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Climate Change Can Spark War

Image: A Somali woman carries sacks of food aid at Jowhar refugee camp, Somalia, Wednesday, Sept. 26, 2007. Tens of thousands of Somalis who fled the violence in their conflict-wracked capital are facing yet another humanitarian crisis, a debilitating food shortage after poor rains. Credit: AP Photo/Khalil Senosi

History may be bound to repeat itself as Earth’s climate continues to warm, with changing temperatures causing food shortages that lead to wars and population declines, according to a new study that builds on earlier work.

The previous study, by David Zhang of the University of Hong Kong, found that swings in temperature were correlated with times of war in Eastern China between 1000 and 1911. Zhang's newer work, detailed in the Nov. 19 online edition of the journal Proceedings of the National Academy of Sciences, broadens its outlook to climate and war records worldwide and also found a correlation between the two.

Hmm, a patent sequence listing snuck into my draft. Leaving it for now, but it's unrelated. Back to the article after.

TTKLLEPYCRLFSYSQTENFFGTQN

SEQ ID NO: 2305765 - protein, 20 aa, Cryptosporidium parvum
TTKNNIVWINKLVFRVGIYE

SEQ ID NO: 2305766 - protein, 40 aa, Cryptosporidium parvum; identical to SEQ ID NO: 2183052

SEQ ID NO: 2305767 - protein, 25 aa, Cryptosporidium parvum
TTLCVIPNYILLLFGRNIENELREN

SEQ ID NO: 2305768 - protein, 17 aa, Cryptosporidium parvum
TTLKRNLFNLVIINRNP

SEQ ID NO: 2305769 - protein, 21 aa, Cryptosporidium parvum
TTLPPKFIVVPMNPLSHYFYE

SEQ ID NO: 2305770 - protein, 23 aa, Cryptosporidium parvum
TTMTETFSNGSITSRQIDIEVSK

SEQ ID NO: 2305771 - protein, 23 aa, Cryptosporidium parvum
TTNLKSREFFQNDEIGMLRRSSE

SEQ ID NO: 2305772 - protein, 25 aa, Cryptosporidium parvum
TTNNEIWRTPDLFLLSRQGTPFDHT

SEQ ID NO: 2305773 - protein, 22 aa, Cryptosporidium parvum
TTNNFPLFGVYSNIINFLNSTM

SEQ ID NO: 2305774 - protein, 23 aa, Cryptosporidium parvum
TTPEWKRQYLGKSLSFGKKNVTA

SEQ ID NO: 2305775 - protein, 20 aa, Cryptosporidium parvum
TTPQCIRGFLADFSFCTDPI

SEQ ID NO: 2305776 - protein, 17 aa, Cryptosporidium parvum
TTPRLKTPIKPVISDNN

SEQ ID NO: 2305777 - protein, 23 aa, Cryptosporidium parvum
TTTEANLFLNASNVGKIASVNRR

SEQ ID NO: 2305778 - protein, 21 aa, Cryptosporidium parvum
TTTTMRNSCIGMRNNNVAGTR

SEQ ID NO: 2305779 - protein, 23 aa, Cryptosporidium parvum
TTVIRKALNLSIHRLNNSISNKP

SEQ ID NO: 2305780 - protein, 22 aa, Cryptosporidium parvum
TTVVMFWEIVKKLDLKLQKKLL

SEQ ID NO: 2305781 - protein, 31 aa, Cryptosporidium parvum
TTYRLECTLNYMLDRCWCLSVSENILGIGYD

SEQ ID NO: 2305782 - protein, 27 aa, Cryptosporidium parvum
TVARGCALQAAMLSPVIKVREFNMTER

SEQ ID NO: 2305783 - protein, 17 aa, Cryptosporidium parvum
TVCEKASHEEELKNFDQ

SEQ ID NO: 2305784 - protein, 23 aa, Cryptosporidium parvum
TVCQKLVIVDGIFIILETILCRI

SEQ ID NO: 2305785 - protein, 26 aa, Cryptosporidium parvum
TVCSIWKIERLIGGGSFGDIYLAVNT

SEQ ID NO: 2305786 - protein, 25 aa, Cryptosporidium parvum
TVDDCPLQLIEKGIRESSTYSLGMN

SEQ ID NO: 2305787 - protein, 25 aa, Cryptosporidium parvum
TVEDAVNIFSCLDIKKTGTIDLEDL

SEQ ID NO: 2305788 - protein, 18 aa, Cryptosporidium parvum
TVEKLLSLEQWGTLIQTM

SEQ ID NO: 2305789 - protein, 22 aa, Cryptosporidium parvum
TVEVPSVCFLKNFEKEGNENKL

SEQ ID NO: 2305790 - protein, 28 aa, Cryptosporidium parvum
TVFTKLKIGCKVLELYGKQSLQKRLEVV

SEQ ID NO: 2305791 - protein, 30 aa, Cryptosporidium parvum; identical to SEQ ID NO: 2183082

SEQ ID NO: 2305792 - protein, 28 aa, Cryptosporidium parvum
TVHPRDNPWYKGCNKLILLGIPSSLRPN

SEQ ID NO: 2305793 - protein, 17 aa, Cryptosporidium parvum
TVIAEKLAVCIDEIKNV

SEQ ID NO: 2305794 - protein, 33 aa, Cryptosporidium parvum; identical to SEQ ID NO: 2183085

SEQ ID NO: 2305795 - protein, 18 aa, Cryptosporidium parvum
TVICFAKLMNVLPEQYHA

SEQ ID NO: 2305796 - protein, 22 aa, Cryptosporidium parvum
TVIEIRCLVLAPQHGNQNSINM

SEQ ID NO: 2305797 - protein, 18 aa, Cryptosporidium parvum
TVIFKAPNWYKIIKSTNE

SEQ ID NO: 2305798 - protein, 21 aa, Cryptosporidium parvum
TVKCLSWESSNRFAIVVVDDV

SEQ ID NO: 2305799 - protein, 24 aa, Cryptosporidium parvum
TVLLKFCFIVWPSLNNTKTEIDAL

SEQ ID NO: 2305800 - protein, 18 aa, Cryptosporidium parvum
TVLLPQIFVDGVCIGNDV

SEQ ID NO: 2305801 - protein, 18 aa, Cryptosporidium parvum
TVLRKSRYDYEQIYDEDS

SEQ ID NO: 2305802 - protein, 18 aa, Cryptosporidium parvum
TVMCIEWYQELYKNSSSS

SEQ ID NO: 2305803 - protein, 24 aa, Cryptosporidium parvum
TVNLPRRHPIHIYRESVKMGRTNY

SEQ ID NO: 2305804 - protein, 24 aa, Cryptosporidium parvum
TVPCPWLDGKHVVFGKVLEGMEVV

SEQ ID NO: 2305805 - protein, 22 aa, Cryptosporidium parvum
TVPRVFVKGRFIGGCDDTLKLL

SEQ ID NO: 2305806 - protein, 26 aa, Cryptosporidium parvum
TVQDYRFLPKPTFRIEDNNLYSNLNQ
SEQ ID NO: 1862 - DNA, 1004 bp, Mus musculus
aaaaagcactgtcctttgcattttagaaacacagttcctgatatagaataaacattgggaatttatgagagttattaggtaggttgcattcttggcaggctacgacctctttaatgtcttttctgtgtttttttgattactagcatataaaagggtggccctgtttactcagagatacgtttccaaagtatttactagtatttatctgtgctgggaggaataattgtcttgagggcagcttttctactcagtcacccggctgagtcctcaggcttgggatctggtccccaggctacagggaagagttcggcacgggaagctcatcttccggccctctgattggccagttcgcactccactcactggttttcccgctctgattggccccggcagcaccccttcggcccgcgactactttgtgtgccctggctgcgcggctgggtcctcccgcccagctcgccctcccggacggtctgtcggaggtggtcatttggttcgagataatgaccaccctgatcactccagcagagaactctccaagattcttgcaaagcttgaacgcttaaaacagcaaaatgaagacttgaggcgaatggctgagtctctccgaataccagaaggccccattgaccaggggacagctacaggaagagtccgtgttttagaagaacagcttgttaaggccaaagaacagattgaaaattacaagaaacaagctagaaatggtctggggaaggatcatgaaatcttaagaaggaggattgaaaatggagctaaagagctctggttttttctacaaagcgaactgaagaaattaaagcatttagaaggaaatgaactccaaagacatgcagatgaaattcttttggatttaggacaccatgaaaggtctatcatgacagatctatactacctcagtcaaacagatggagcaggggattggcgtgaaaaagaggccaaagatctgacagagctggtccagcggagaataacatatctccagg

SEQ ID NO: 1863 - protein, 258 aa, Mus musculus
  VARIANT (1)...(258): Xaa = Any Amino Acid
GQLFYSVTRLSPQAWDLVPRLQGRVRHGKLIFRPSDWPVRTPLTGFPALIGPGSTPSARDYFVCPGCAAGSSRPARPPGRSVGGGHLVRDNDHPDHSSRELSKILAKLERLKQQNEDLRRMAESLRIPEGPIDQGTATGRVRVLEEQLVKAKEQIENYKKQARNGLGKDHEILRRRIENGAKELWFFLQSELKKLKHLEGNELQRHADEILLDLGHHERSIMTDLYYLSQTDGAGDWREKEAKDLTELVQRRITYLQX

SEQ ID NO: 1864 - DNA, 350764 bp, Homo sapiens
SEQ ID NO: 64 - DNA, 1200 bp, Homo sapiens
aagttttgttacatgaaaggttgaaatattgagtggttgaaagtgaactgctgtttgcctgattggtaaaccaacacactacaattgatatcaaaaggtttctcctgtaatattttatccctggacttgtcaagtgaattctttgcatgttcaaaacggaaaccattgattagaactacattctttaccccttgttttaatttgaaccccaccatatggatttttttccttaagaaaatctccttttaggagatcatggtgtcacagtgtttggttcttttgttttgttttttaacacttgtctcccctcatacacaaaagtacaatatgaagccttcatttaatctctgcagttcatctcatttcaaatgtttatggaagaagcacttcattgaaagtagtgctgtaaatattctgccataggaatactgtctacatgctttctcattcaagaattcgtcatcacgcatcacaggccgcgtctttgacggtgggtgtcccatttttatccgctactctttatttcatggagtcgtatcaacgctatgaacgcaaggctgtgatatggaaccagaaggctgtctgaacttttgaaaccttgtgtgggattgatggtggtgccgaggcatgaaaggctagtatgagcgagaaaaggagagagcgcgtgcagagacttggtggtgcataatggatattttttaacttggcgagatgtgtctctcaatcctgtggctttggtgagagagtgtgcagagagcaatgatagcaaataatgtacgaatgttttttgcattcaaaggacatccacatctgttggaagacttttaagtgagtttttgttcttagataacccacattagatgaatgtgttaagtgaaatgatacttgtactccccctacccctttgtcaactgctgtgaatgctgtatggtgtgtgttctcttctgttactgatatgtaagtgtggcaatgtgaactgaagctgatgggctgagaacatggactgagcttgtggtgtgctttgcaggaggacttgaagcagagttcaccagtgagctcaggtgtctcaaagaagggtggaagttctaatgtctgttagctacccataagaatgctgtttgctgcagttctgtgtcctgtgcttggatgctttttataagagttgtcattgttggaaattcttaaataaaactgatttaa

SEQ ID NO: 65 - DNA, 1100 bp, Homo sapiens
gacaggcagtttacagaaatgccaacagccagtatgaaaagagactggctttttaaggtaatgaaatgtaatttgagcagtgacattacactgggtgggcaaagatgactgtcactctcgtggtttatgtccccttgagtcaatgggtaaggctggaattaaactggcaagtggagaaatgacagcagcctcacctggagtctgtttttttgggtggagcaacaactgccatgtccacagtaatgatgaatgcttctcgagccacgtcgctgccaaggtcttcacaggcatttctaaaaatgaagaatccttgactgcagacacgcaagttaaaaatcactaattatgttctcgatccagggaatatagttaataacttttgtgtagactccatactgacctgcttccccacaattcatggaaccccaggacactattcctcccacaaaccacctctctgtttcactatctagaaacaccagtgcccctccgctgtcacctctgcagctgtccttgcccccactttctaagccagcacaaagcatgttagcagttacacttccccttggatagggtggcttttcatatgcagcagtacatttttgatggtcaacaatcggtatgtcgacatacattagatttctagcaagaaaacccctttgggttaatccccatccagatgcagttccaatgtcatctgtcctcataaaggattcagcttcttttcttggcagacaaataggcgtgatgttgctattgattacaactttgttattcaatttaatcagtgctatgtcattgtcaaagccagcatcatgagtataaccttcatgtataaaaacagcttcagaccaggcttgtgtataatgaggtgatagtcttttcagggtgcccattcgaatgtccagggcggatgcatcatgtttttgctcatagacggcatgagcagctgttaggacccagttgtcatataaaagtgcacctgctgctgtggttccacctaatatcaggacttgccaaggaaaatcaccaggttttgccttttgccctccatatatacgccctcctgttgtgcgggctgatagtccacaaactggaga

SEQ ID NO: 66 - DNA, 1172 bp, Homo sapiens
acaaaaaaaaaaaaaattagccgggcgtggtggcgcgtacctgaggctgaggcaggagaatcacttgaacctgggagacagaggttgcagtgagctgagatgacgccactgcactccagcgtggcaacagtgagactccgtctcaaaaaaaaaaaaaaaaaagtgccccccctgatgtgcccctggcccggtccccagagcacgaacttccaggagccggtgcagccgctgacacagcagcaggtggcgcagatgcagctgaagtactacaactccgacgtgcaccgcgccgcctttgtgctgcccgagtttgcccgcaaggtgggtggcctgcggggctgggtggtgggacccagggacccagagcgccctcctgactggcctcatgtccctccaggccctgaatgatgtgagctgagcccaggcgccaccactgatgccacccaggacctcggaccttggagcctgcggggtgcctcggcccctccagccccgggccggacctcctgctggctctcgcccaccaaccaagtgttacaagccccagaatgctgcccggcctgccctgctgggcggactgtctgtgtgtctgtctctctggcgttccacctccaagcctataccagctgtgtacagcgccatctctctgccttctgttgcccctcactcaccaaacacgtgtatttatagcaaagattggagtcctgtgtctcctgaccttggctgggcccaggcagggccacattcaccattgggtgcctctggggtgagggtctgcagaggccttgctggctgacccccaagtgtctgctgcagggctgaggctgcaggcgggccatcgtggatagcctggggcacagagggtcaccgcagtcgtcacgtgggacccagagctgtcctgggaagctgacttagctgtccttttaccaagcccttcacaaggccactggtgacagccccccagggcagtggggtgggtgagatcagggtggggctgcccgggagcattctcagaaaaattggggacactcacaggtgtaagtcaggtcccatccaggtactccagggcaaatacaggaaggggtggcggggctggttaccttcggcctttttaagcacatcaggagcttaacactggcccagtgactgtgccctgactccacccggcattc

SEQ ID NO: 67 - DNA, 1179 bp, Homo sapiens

"This current study covers a much larger spatial area and the conclusions from the current research could be considered general principles," Zhang said.

The research does not represent direct cause-and-effect, but rather suggests a link between climate and conflict.

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